Twice every year, Siena (Italy) lives and breathes the Palio
. If you do not know what this Palio is, with roots in medieval times
, look here or on other websites devoted to the race's history
, its peculiar rules
and other aspects : https://en.wikipedia.org/wiki/Palio_di_Siena
But the Palio of Siena is so much more than just a 90 second bareback horse race
on a magnificent medieval square (Piazza del Campo) in one of Tuscany’s most beautiful cities. The Palio race is run between the quarters of the city (contrade
To the Senesi
, they are like extended but close-knit families, involving young and old in social activities. In these contrade
, the build-up towards the race lasts all year. Much is at stake. Emotions flow freely.
The last week before each Palio is a strictly organized, intense succession of rituals and citywide festivities
, including lottery (!) distribution of the horses, the hiring of mercenary jockeys (fantinos
) and several trial races called "prove".
A number of rituals involve the drapellone
(the unique silk banner, always produced by a famous artist, that is awarded to the victorious contrada
). Every contrada
has its own proud museum
for the previously won drappelloni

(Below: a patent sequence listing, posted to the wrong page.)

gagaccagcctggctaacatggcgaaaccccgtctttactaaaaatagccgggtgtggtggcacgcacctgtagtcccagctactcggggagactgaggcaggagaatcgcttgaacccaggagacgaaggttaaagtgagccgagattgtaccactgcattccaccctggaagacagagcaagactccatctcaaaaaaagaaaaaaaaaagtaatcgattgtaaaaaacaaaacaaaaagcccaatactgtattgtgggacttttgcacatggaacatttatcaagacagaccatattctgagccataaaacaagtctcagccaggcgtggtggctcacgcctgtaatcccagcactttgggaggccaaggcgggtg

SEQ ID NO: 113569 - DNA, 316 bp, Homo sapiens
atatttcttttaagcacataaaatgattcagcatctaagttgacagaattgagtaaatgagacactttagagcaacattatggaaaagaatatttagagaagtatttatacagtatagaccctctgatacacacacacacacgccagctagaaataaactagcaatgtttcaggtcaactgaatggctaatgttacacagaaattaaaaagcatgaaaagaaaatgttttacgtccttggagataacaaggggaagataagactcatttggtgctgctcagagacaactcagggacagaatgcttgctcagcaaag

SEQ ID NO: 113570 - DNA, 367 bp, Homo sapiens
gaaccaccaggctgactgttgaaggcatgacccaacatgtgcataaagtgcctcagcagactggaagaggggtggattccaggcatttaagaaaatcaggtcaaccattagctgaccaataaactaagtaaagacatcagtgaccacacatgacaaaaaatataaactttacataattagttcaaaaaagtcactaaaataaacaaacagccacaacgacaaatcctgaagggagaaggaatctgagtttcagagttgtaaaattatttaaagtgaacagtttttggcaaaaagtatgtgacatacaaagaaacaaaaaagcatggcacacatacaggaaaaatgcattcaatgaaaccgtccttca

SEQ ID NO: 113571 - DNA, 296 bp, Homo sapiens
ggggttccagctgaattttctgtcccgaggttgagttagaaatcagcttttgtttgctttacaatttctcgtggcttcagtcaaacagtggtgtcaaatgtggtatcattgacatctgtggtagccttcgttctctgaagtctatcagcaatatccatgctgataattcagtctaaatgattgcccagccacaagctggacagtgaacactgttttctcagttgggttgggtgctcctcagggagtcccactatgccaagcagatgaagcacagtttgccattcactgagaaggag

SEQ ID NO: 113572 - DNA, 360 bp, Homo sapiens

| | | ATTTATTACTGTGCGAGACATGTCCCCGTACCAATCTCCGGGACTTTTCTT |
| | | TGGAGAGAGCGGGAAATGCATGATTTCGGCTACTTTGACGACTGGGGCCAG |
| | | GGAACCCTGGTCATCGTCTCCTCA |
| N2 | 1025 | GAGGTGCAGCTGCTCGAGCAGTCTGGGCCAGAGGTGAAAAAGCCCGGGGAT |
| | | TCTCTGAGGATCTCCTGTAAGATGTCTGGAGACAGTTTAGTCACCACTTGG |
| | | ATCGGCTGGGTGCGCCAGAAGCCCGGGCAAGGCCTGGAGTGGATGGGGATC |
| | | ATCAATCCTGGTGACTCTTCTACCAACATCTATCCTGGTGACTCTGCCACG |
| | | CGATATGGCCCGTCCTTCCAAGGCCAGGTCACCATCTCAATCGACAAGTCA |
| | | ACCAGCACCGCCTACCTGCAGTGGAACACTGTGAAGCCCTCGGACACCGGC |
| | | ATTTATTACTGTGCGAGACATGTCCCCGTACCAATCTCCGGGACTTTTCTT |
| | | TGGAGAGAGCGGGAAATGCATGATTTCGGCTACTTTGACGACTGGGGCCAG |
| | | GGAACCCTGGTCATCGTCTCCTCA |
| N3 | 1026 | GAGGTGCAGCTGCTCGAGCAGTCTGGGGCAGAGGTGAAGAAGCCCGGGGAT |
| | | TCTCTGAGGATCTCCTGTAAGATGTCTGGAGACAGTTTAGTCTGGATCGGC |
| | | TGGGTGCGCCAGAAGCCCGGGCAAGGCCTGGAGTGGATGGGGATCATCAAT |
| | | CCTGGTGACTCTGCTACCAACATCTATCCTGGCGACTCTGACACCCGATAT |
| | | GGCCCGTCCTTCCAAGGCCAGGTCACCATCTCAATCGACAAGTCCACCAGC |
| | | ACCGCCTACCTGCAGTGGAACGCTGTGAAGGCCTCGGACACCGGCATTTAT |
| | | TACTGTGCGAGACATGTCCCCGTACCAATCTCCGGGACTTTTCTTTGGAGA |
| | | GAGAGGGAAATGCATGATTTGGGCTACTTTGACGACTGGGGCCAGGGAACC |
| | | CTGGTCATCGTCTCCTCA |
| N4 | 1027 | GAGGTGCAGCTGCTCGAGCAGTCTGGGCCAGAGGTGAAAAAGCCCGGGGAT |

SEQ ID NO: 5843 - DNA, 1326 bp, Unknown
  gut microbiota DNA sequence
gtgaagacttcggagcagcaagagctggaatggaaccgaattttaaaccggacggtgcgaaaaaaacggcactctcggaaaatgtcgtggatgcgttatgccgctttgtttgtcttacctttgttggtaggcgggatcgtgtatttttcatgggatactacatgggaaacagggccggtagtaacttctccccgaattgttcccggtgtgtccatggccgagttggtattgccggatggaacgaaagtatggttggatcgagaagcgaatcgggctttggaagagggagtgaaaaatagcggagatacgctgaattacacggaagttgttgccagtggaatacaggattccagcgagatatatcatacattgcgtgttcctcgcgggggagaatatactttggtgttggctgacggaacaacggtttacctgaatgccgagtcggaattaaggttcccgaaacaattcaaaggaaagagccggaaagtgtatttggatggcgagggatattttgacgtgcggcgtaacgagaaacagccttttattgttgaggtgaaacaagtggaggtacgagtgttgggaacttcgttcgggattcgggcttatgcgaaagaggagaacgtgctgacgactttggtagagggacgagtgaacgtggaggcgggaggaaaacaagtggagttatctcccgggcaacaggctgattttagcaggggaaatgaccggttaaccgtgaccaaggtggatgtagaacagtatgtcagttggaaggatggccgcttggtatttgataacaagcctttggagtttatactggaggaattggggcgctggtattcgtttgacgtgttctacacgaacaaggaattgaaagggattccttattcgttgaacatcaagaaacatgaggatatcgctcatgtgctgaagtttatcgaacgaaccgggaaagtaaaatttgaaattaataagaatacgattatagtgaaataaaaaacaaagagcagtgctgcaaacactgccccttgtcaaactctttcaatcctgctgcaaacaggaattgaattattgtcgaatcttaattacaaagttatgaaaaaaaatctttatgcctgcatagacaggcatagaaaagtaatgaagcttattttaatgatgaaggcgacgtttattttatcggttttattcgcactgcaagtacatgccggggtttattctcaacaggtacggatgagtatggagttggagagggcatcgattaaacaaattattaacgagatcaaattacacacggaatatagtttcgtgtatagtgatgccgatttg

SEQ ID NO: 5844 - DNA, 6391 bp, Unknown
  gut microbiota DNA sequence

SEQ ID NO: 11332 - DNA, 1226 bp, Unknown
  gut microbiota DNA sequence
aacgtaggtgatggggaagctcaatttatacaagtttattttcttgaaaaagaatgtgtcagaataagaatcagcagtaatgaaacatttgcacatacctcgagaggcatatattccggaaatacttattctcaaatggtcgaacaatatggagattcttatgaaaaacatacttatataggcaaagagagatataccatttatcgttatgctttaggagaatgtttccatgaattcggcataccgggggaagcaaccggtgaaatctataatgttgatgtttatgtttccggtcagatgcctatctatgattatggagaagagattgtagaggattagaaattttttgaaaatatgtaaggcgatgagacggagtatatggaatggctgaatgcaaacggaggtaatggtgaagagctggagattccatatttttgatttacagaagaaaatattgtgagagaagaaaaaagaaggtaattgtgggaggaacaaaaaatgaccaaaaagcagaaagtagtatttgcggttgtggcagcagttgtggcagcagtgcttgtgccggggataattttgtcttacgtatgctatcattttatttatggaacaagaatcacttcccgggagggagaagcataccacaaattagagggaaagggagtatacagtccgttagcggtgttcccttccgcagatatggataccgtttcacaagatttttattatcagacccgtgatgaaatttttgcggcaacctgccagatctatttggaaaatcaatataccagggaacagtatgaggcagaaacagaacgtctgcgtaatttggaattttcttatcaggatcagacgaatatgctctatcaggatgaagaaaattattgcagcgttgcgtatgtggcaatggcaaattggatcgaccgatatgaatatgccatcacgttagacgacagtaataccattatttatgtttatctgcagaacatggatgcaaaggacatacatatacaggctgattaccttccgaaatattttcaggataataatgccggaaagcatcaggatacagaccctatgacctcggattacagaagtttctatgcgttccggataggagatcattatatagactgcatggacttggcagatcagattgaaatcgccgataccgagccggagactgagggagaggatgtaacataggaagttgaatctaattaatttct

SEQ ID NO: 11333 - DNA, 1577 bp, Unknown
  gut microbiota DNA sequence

and other Palio paraphernalia.
During that week, the contrade
are alive with open air dinner
s and many intimate moments
: the capitano
and his team discussing race strategy; alfieri
practicing their show, etc.
On race day, la Messa dei fantini
takes place on the Piazza, followed by the final prova. Contrade
members of all ages get dressed for the corteo storico
(a big historic pageant that precedes the race). Every horse and rider is blessed in the contrade
And then it is time for the comparse
(contrada companies-at-arms) to roam the city to gather for the corteo storico that starts at the Duomo. The actual race is followed by everyone, in the Piazza or on any screen throughout the city.
When a rider (or indeed: even just a horse...) is victorious, jubilant celebration
erupts for the victor. The winners descend first on Provenzano church. Later, the wine flows all night long in the victorious contrada, where the bells will not stop chiming until morning.
End June and early July of this year, I had the honour and privilege to enjoy the hospitality of the Imperiale Contrada della Giraffa.
I was allowed to photograph their activities as documentary photographer.
Apart from Giraffa territory and the Piazza, I also visited a few other contrade
, and got a taste of the victory celebrations of Lupa contrada
This documentary series aims to present a comprehensive and most often very up-close “fly-on-the-wall” picture of the whole Palio week
(except the preparation of Piazza del Campo which happened before my arrival
Later, a second series will focus on the people of Giraffa (“Gente della Giraffa
”) and their experiences in Palio week. This will be in vibrant colour
. Maybe a third series will follow, offering a more extensive and colour look at just to the equestrian action.